An array is a place where you can store data. There is one little thing which needs care.
Suppose you had an assembly line packing cashew nuts in 100g bags.
Further suppose that at a quality control station, some mechanism diverted over-full bags to one "try again" hopper, under-weight bags to a different "try again" hopper, and allowed not-too-full-, not-full-enough bags to pass on.
It would be easy to install three sensors, one for each path, to detect bags going by. And to connect those sensors to an Arduino to keep count of the bags passing the three sensors.
You might well choose to use an array called "Bags" to hold the count of sensor events for each channel.
You could use three ordinary variables... "BagsRight", "BagsUnderFilled", "BagsOverFilled". This would be "easier"... but would deny you the benefits which you could accrue if you were to learn the limited "extra" skill of using arrays... a skill which will repay you many times over. The need for an array in our example is limited. In other instances, an array is pretty well essential for sensible completion of the task.
Forgive that diversion? Back to doing it with an array...
To do the job with an array, we will have an array with three elements.
Their names might be....
However, there are certain advantages to "counting from zero", from calling the first array element "Bag". Once you get use to it, it isn't as strange as it may seem at first. So, my recommendation for most circumstances... use the following in a situation like the one we are using as our example....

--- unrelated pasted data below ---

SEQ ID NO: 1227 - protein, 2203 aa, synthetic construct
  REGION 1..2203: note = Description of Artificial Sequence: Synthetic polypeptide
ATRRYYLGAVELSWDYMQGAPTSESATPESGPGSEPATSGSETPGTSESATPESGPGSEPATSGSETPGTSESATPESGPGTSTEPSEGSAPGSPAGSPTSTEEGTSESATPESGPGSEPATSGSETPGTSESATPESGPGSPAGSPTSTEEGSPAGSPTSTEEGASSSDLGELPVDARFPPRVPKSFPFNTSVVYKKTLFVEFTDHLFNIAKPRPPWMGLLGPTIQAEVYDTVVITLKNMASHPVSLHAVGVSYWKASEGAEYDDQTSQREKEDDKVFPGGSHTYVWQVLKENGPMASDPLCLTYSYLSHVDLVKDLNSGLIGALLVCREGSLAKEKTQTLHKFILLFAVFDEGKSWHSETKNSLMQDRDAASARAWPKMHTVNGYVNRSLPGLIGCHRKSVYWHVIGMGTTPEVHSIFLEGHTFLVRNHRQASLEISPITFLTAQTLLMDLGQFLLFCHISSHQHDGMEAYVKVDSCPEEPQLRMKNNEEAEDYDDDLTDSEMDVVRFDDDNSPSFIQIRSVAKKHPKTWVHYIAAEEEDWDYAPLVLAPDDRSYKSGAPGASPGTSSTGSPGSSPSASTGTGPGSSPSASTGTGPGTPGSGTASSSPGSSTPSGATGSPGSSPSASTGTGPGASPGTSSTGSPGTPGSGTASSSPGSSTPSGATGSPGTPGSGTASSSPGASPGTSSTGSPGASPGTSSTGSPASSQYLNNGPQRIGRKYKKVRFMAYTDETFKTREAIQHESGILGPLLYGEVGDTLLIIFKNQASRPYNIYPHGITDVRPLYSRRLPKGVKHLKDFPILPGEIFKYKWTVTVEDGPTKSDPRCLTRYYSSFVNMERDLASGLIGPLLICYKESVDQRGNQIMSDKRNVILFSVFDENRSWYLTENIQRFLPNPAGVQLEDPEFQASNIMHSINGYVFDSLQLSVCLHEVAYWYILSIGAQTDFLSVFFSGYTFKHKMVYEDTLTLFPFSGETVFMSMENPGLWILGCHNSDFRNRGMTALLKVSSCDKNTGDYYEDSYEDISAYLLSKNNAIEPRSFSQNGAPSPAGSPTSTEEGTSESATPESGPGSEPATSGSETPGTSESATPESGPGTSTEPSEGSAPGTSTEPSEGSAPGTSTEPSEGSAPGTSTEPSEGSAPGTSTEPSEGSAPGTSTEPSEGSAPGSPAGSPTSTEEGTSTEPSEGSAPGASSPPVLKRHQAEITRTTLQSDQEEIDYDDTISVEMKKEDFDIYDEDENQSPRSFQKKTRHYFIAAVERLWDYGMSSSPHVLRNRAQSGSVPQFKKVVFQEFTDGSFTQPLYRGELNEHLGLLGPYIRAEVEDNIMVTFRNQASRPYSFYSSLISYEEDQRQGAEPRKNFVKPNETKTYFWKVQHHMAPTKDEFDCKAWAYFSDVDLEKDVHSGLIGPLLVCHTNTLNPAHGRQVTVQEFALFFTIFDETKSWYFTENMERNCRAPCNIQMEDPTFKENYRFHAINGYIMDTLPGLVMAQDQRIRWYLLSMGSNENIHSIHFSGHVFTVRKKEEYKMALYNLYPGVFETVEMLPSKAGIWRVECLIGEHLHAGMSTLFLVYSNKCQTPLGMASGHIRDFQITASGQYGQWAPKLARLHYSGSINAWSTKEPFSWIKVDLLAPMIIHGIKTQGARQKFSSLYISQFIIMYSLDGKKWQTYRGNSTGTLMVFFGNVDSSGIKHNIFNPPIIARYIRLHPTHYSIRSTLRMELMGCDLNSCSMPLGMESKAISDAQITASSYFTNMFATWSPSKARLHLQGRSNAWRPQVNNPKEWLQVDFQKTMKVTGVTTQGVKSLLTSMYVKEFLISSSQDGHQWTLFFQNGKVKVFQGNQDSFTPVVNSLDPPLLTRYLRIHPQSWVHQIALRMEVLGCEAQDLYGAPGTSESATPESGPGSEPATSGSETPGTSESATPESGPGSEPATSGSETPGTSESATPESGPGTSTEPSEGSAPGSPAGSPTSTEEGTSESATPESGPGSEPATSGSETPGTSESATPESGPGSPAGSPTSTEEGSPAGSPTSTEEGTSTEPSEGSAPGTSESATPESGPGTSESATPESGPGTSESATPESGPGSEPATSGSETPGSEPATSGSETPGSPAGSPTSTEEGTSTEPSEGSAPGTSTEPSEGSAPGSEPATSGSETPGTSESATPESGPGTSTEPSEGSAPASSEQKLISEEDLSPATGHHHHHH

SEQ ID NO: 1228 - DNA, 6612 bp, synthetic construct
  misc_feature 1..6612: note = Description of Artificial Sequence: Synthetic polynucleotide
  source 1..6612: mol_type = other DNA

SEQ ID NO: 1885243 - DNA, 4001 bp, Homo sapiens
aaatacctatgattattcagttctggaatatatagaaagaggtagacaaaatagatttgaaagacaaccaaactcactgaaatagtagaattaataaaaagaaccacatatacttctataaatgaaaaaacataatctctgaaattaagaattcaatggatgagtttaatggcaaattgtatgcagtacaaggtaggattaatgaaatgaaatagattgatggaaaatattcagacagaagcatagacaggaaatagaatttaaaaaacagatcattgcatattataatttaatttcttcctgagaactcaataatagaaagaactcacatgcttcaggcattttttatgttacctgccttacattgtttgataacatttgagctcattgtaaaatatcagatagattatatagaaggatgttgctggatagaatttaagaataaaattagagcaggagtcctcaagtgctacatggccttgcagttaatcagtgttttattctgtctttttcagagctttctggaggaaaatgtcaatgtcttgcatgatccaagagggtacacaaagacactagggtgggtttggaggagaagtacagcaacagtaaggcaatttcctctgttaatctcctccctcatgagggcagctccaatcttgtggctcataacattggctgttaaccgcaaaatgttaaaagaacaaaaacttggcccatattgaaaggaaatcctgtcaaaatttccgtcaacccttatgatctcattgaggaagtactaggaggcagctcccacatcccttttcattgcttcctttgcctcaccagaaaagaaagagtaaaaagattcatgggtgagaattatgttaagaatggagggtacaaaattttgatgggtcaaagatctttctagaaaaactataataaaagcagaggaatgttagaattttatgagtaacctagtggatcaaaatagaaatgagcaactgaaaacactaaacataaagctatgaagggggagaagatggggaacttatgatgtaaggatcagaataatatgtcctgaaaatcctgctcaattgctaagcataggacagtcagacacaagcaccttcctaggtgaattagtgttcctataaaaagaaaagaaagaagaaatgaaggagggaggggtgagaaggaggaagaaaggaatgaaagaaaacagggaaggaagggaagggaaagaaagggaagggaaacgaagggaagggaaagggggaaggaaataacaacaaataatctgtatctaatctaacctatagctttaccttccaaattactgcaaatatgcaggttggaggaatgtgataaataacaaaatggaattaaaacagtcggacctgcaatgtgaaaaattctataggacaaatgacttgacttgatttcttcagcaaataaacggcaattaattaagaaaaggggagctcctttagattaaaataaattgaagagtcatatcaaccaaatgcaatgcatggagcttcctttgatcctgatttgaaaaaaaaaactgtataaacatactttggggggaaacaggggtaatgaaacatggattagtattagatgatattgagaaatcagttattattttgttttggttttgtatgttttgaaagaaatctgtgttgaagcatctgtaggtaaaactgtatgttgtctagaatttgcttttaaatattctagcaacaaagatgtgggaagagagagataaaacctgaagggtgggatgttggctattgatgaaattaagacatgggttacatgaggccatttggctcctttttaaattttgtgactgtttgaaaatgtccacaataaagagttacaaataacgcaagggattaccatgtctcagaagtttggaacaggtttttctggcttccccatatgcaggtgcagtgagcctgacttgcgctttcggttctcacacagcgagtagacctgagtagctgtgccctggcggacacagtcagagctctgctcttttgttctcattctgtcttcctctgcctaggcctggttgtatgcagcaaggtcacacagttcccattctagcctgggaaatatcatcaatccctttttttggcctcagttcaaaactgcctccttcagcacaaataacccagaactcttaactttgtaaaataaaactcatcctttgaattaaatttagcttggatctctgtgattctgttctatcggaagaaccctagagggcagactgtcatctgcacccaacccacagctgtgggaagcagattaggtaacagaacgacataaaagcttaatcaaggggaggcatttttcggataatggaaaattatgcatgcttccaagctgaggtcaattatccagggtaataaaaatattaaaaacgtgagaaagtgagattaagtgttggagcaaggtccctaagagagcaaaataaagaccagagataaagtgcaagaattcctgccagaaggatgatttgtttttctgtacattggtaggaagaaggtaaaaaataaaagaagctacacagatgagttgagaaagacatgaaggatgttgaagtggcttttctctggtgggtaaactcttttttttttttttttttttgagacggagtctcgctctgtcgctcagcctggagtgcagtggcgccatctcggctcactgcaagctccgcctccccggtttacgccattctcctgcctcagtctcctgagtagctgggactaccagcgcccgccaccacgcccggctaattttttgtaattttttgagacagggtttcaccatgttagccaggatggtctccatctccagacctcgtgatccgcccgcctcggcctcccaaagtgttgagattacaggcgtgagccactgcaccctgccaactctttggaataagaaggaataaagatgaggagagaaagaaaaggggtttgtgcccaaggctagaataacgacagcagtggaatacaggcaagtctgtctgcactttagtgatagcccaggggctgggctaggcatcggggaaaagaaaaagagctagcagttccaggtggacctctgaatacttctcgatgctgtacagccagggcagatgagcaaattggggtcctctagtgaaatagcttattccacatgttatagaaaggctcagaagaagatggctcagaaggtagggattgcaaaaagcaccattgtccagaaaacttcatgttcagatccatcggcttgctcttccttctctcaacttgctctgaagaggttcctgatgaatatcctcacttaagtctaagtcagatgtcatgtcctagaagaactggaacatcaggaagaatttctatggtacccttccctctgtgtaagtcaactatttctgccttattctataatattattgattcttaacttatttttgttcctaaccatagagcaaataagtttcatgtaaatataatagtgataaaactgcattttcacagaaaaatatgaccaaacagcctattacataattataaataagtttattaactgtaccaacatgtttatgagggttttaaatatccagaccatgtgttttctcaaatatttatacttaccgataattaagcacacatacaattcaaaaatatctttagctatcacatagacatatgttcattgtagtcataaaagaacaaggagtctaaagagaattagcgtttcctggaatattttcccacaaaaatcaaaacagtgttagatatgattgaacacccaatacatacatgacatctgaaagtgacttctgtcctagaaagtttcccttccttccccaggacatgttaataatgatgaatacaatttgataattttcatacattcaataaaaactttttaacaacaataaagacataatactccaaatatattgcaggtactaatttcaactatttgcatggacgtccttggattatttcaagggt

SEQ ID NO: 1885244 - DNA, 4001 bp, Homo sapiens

The advantage of calling the first element of your array "0" (zero) is so strong, that the Nice People who made our programming environment have assumed that you will always want an element called "0".
To set up an array, there are various choices, but the simplest is....
That would create an array of type "int" with elements as follows...
The "gotcha" is this: You said "Bags" and it created three elements, but did NOT create an element "Bags".
This is a particularly deadly gotcha, because the Arduino environment does not offer range checking.
If you have declared the array with int Bags;, and then do something like....
... the system won't complain. And you will get something in WhatsIt. But what you will get is anyone's guess. And so what will happen when you use what's in WhatsIt is anyone's guess. Not good.
But there's worse to come!
if you do....
.... you will change what is in a part of the Arduino's memory. But not a part that is set aside for something called Bags. There is no Bags if you used int Bags; to create the array "Bags". So what have you changed? I don't know. You won't know. The system won't complain. But is it a racing certainty that one day it will "misbehave", quite possibly in a weird and hard to fathom manner.
I'm told from time to time that this problem exists in some of the things I have published on the web. Apologies! I will try to get the error expunged. But please be vigilant. Watch out for it. Emails to alert me to the error's continued existence welcome!
Here's a link to the page about arrays in the official Arduino reference
Quotes from there for you....
"...you should be careful in accessing arrays. Accessing past the end of an array (using an index number greater than your declared array size - 1) is reading from memory that is in use for other purposes. Reading from these locations is probably not going to do much except yield invalid data. Writing to random memory locations is definitely a bad idea and can often lead to unhappy results such as crashes or program malfunction. This can also be a difficult bug to track down."
(The Arduino environment)... "does no checking to see if array access is within legal bounds of the array size that you have declared."
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